Christians have come under unrelenting vilification and assault in India in recent years, and the trend has only worsened since the start of the pandemic. Father Stan Swamy's inexcusable death was part of that pattern. But Christians too have themselves to blame for failing to unite across denominations.
Posts published in “Politics and Society”
India was not founded as a nation for the majority or the minority, but as a nation for everybody. Read on for visionary ideas from a new generation of Indians, seeking to bring back the spirit of our freedom.
Mahatma Gandhi and Rabindranath Tagore enjoyed lively debates about nationalism, cultural identity and much more. Their debates have lessons for India on policy and governance, but they also show that if leaders can disagree with mutual respect, they can broaden and enlighten public discourse.
In mainland India, the tribal and ethnic communities of the Northeast are widely associated with secessionist movements. But during India's freedom struggle, countless freedom fighters from the Northeast laid down their lives for India's freedom. Mainland Indians should learn about them.
"You acknowledged the fragility of a unifying pan-Indian emotion, and knew what caveats to heed and precautions to take. You recognised the divisive tendencies which lay at the heart of India’s communal Partition. You knew, too, that we, your progeny, must protect ourselves against these. Yet, we faltered."
India must go much further than just survive this pandemic. A political culture of communalism and vengeance led to opaque governance and misplaced policy priorities. Many Indians voted for false communal pride, but as the pandemic hit, they found that they needed oxygen instead.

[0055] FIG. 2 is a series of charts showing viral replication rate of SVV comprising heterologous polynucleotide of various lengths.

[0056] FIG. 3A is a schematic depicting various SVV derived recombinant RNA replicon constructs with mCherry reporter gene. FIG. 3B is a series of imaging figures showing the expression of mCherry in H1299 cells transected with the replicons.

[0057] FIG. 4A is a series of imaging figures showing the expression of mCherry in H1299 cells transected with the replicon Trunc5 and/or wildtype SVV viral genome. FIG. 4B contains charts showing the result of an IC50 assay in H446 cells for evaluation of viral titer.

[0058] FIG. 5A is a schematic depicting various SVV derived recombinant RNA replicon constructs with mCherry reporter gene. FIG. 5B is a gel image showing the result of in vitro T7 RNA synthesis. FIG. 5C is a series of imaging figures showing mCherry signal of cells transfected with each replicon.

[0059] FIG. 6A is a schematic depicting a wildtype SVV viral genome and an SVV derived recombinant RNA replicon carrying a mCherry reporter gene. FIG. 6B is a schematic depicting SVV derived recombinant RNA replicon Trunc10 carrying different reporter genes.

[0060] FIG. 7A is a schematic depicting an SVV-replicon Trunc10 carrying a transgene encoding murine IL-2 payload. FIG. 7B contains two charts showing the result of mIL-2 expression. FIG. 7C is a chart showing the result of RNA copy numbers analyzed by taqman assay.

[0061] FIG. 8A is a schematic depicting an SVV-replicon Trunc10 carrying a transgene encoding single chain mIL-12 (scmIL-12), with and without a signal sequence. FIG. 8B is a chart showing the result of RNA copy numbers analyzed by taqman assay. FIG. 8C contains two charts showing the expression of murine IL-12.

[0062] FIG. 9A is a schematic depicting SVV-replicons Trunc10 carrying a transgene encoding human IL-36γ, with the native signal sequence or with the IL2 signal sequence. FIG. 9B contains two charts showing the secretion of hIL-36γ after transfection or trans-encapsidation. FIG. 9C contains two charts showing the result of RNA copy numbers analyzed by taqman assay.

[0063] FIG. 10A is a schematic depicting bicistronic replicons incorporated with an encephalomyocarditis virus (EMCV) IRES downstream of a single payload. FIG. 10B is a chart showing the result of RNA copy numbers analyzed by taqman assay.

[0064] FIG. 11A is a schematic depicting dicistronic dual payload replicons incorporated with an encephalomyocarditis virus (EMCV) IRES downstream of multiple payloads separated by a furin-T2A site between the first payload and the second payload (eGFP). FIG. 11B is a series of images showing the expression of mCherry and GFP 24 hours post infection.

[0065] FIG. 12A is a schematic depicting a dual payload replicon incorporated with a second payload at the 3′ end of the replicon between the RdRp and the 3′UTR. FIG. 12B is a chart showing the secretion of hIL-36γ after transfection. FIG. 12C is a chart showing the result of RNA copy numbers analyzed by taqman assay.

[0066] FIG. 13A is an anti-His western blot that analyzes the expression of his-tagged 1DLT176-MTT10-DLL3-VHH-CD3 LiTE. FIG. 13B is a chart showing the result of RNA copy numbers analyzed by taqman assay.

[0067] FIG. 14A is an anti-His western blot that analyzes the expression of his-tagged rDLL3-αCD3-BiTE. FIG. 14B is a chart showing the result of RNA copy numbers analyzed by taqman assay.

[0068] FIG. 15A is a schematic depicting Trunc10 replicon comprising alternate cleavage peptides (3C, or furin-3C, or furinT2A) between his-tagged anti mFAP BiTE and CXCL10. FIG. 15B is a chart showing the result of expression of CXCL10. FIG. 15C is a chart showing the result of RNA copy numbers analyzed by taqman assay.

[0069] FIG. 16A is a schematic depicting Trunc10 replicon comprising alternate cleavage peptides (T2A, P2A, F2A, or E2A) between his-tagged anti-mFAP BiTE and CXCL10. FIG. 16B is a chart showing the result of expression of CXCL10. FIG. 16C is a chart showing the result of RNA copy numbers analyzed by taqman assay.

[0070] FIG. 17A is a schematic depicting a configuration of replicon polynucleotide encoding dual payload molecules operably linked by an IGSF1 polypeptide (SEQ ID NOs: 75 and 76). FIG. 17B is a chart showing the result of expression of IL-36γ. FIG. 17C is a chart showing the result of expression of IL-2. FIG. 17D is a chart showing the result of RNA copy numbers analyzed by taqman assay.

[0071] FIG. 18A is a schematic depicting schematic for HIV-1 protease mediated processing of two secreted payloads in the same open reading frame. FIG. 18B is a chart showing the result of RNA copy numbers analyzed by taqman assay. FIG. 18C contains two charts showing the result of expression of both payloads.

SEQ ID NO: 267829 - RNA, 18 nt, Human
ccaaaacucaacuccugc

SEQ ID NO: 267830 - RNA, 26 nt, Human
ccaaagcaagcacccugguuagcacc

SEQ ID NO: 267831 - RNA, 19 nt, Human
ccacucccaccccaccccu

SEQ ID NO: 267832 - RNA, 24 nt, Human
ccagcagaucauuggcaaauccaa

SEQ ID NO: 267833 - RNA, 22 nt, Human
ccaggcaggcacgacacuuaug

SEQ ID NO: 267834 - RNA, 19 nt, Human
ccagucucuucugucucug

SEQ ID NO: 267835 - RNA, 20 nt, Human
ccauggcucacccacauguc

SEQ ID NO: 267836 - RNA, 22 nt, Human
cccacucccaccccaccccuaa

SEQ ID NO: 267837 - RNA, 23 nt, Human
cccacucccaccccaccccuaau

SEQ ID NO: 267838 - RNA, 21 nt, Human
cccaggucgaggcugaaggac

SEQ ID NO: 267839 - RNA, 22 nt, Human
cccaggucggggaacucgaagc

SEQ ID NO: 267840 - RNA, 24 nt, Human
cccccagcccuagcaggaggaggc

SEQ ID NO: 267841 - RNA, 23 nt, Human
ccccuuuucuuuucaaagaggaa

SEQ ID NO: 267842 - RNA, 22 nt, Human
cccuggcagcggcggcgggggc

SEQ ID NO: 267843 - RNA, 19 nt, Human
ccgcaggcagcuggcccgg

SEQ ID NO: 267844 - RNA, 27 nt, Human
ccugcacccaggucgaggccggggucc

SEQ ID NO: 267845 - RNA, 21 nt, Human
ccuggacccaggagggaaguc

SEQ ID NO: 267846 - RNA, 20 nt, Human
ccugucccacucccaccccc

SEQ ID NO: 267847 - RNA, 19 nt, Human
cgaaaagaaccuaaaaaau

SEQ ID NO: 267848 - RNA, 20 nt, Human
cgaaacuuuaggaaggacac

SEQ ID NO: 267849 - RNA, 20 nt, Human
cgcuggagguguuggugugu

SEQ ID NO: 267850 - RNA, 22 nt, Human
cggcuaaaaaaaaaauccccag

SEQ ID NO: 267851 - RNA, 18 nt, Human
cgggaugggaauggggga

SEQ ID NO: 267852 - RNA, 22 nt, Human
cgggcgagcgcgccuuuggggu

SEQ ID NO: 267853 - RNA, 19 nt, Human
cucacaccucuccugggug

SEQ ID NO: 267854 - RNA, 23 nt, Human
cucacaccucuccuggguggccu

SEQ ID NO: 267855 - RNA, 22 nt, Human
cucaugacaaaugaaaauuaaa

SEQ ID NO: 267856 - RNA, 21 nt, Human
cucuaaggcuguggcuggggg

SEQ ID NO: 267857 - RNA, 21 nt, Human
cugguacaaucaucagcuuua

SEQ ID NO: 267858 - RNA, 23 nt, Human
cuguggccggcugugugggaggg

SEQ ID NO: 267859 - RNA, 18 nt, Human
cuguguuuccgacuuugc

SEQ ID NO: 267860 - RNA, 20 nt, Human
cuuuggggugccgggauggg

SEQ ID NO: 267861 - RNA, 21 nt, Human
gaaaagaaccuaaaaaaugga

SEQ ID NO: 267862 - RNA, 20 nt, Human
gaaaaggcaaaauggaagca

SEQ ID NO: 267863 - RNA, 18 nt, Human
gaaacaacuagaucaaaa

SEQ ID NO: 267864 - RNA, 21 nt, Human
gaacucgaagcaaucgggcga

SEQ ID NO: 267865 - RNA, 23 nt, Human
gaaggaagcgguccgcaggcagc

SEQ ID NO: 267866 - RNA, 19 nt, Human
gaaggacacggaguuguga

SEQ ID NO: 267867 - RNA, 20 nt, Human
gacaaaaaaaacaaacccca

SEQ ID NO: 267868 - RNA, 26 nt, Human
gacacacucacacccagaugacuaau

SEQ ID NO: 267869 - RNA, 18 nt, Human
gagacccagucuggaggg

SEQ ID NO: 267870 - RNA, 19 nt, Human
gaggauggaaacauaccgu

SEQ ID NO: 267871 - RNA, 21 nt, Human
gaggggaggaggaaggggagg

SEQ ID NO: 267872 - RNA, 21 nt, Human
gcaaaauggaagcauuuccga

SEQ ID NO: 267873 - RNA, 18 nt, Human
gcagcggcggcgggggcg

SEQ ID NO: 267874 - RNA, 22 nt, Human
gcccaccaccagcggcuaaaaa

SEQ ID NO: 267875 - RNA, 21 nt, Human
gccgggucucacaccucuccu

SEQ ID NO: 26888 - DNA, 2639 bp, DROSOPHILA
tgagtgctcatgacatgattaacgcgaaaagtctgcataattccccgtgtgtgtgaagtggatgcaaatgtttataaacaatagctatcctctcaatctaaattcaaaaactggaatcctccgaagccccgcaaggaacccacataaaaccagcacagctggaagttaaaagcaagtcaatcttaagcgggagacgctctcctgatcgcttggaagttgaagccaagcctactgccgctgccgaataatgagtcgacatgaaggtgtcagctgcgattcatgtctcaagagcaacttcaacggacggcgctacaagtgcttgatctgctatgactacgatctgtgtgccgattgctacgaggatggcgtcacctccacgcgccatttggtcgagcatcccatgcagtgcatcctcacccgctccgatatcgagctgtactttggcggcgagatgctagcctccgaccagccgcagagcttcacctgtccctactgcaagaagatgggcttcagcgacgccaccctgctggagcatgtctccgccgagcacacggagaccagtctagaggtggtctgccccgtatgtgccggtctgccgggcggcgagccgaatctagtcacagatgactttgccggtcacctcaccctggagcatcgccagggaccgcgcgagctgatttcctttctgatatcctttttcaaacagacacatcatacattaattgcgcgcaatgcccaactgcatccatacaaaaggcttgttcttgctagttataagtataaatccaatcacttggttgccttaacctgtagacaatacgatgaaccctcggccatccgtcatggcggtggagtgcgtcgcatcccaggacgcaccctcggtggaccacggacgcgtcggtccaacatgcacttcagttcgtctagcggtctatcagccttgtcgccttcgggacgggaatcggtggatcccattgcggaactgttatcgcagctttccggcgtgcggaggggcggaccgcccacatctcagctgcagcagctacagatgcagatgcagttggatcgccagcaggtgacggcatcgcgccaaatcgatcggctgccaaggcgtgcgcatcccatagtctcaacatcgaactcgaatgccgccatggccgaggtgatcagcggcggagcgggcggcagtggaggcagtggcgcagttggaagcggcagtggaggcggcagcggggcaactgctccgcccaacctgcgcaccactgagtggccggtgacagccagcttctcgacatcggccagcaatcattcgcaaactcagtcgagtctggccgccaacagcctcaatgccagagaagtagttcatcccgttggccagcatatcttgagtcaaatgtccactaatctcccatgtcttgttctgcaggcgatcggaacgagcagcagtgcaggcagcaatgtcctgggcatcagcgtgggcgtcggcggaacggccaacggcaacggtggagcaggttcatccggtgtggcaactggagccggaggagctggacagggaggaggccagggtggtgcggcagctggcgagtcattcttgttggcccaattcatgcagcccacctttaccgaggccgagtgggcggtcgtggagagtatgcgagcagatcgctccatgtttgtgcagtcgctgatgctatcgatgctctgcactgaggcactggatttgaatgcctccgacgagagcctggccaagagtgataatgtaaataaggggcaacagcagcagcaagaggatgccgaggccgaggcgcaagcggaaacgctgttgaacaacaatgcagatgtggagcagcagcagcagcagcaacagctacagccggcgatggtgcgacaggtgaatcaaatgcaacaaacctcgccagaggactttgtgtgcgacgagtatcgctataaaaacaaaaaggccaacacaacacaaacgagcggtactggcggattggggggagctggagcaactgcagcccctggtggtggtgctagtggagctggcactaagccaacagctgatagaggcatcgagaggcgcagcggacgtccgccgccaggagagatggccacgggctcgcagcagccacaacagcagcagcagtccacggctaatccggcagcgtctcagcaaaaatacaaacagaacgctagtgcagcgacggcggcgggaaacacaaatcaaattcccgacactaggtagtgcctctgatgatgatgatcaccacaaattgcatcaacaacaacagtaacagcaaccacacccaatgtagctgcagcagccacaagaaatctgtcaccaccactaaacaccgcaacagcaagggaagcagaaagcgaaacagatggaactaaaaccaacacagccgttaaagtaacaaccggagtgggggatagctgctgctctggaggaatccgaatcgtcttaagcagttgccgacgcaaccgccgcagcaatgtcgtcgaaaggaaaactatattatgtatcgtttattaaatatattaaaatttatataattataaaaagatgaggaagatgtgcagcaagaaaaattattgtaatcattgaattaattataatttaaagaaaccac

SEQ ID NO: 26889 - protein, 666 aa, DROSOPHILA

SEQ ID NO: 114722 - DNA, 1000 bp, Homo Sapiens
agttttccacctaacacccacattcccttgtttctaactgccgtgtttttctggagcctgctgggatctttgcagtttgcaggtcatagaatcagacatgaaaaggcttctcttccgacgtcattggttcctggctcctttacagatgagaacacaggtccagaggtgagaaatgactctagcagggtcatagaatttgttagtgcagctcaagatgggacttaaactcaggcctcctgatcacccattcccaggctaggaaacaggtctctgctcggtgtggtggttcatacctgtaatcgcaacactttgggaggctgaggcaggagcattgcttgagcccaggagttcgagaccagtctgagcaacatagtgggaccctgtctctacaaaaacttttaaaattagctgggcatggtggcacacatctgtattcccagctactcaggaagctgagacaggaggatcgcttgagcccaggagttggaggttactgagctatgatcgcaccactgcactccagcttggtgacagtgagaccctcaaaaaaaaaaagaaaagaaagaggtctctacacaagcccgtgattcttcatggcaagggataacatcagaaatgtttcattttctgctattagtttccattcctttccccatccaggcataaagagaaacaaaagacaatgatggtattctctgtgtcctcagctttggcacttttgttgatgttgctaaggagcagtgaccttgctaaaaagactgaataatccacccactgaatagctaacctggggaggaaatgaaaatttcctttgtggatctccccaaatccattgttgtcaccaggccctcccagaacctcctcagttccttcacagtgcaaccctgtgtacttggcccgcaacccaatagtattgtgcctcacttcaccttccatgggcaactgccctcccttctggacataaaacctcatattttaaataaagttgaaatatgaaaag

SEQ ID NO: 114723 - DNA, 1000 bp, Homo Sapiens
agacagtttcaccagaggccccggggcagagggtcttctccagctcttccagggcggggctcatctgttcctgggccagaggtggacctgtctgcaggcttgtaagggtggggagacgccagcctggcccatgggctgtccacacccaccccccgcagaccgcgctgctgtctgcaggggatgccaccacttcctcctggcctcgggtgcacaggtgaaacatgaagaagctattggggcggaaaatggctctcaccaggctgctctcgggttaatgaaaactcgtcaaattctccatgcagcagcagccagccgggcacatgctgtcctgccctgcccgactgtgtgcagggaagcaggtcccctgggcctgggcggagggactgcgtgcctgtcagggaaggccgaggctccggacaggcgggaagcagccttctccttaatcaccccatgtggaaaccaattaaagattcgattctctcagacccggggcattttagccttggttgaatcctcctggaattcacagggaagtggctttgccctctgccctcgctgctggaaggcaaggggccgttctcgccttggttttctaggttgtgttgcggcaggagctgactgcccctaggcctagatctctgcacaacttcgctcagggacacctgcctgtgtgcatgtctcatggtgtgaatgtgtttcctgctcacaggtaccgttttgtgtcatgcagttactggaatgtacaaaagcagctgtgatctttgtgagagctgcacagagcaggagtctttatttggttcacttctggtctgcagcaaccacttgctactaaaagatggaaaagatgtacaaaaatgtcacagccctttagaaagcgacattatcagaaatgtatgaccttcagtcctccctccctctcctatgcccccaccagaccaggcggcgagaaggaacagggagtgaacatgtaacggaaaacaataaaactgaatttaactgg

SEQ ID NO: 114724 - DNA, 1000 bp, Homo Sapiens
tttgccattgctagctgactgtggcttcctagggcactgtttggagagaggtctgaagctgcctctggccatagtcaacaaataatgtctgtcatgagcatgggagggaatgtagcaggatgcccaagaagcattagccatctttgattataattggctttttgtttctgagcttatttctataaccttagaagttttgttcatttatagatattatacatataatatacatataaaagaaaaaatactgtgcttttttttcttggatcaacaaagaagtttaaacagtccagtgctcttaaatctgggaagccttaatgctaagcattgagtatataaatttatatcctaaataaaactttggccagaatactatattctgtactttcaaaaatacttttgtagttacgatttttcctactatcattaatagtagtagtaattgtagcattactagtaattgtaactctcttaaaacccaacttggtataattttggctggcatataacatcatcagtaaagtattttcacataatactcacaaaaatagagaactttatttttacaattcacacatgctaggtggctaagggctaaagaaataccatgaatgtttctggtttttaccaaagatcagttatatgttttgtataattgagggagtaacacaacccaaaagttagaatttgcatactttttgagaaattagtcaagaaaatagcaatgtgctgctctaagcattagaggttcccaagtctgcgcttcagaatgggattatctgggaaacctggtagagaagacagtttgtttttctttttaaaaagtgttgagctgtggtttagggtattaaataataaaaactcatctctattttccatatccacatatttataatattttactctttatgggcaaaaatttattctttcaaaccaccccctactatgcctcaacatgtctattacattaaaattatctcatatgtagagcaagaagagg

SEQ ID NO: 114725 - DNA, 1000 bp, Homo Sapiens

India ranks 148th out of 193 countries in terms of representation of women in politics. Suppressed by deeply entrenched patriarchy, women make up only 9 percent of all ministers in India. But studies have shown that increasing their participation in politics leads to better governance, and quotas will help.
The objective of the electoral bonds scheme was to infuse ‘white money’ into the political system. But its provisions, along with other amendments, open up Indian politics to opaque and undetectable influence from the corporate sector, while giving the ruling party undue advantage. There are alternatives.
The number of lawmakers facing criminal charges has increased significantly in recent years. The Supreme Court has tried to counter this in many ways, including by asking parties to publicise the criminal records of their candidates. But why do voters actively vote for criminal candidates?
A furtive finger is placed on the lips of dissent in India. The government does this through malicious FIRs for sedition and defamation. In the Supreme Court, the government called its critics "prophets of doom". But such censorship is also done by fellow citizens.
Media reports suggest that there is an outbreak of anti-Muslim hate during the nationwide lockdown. But even in this political season of hate, there are several exemplary stories of human compassion and inter-religious harmony being reported from different states.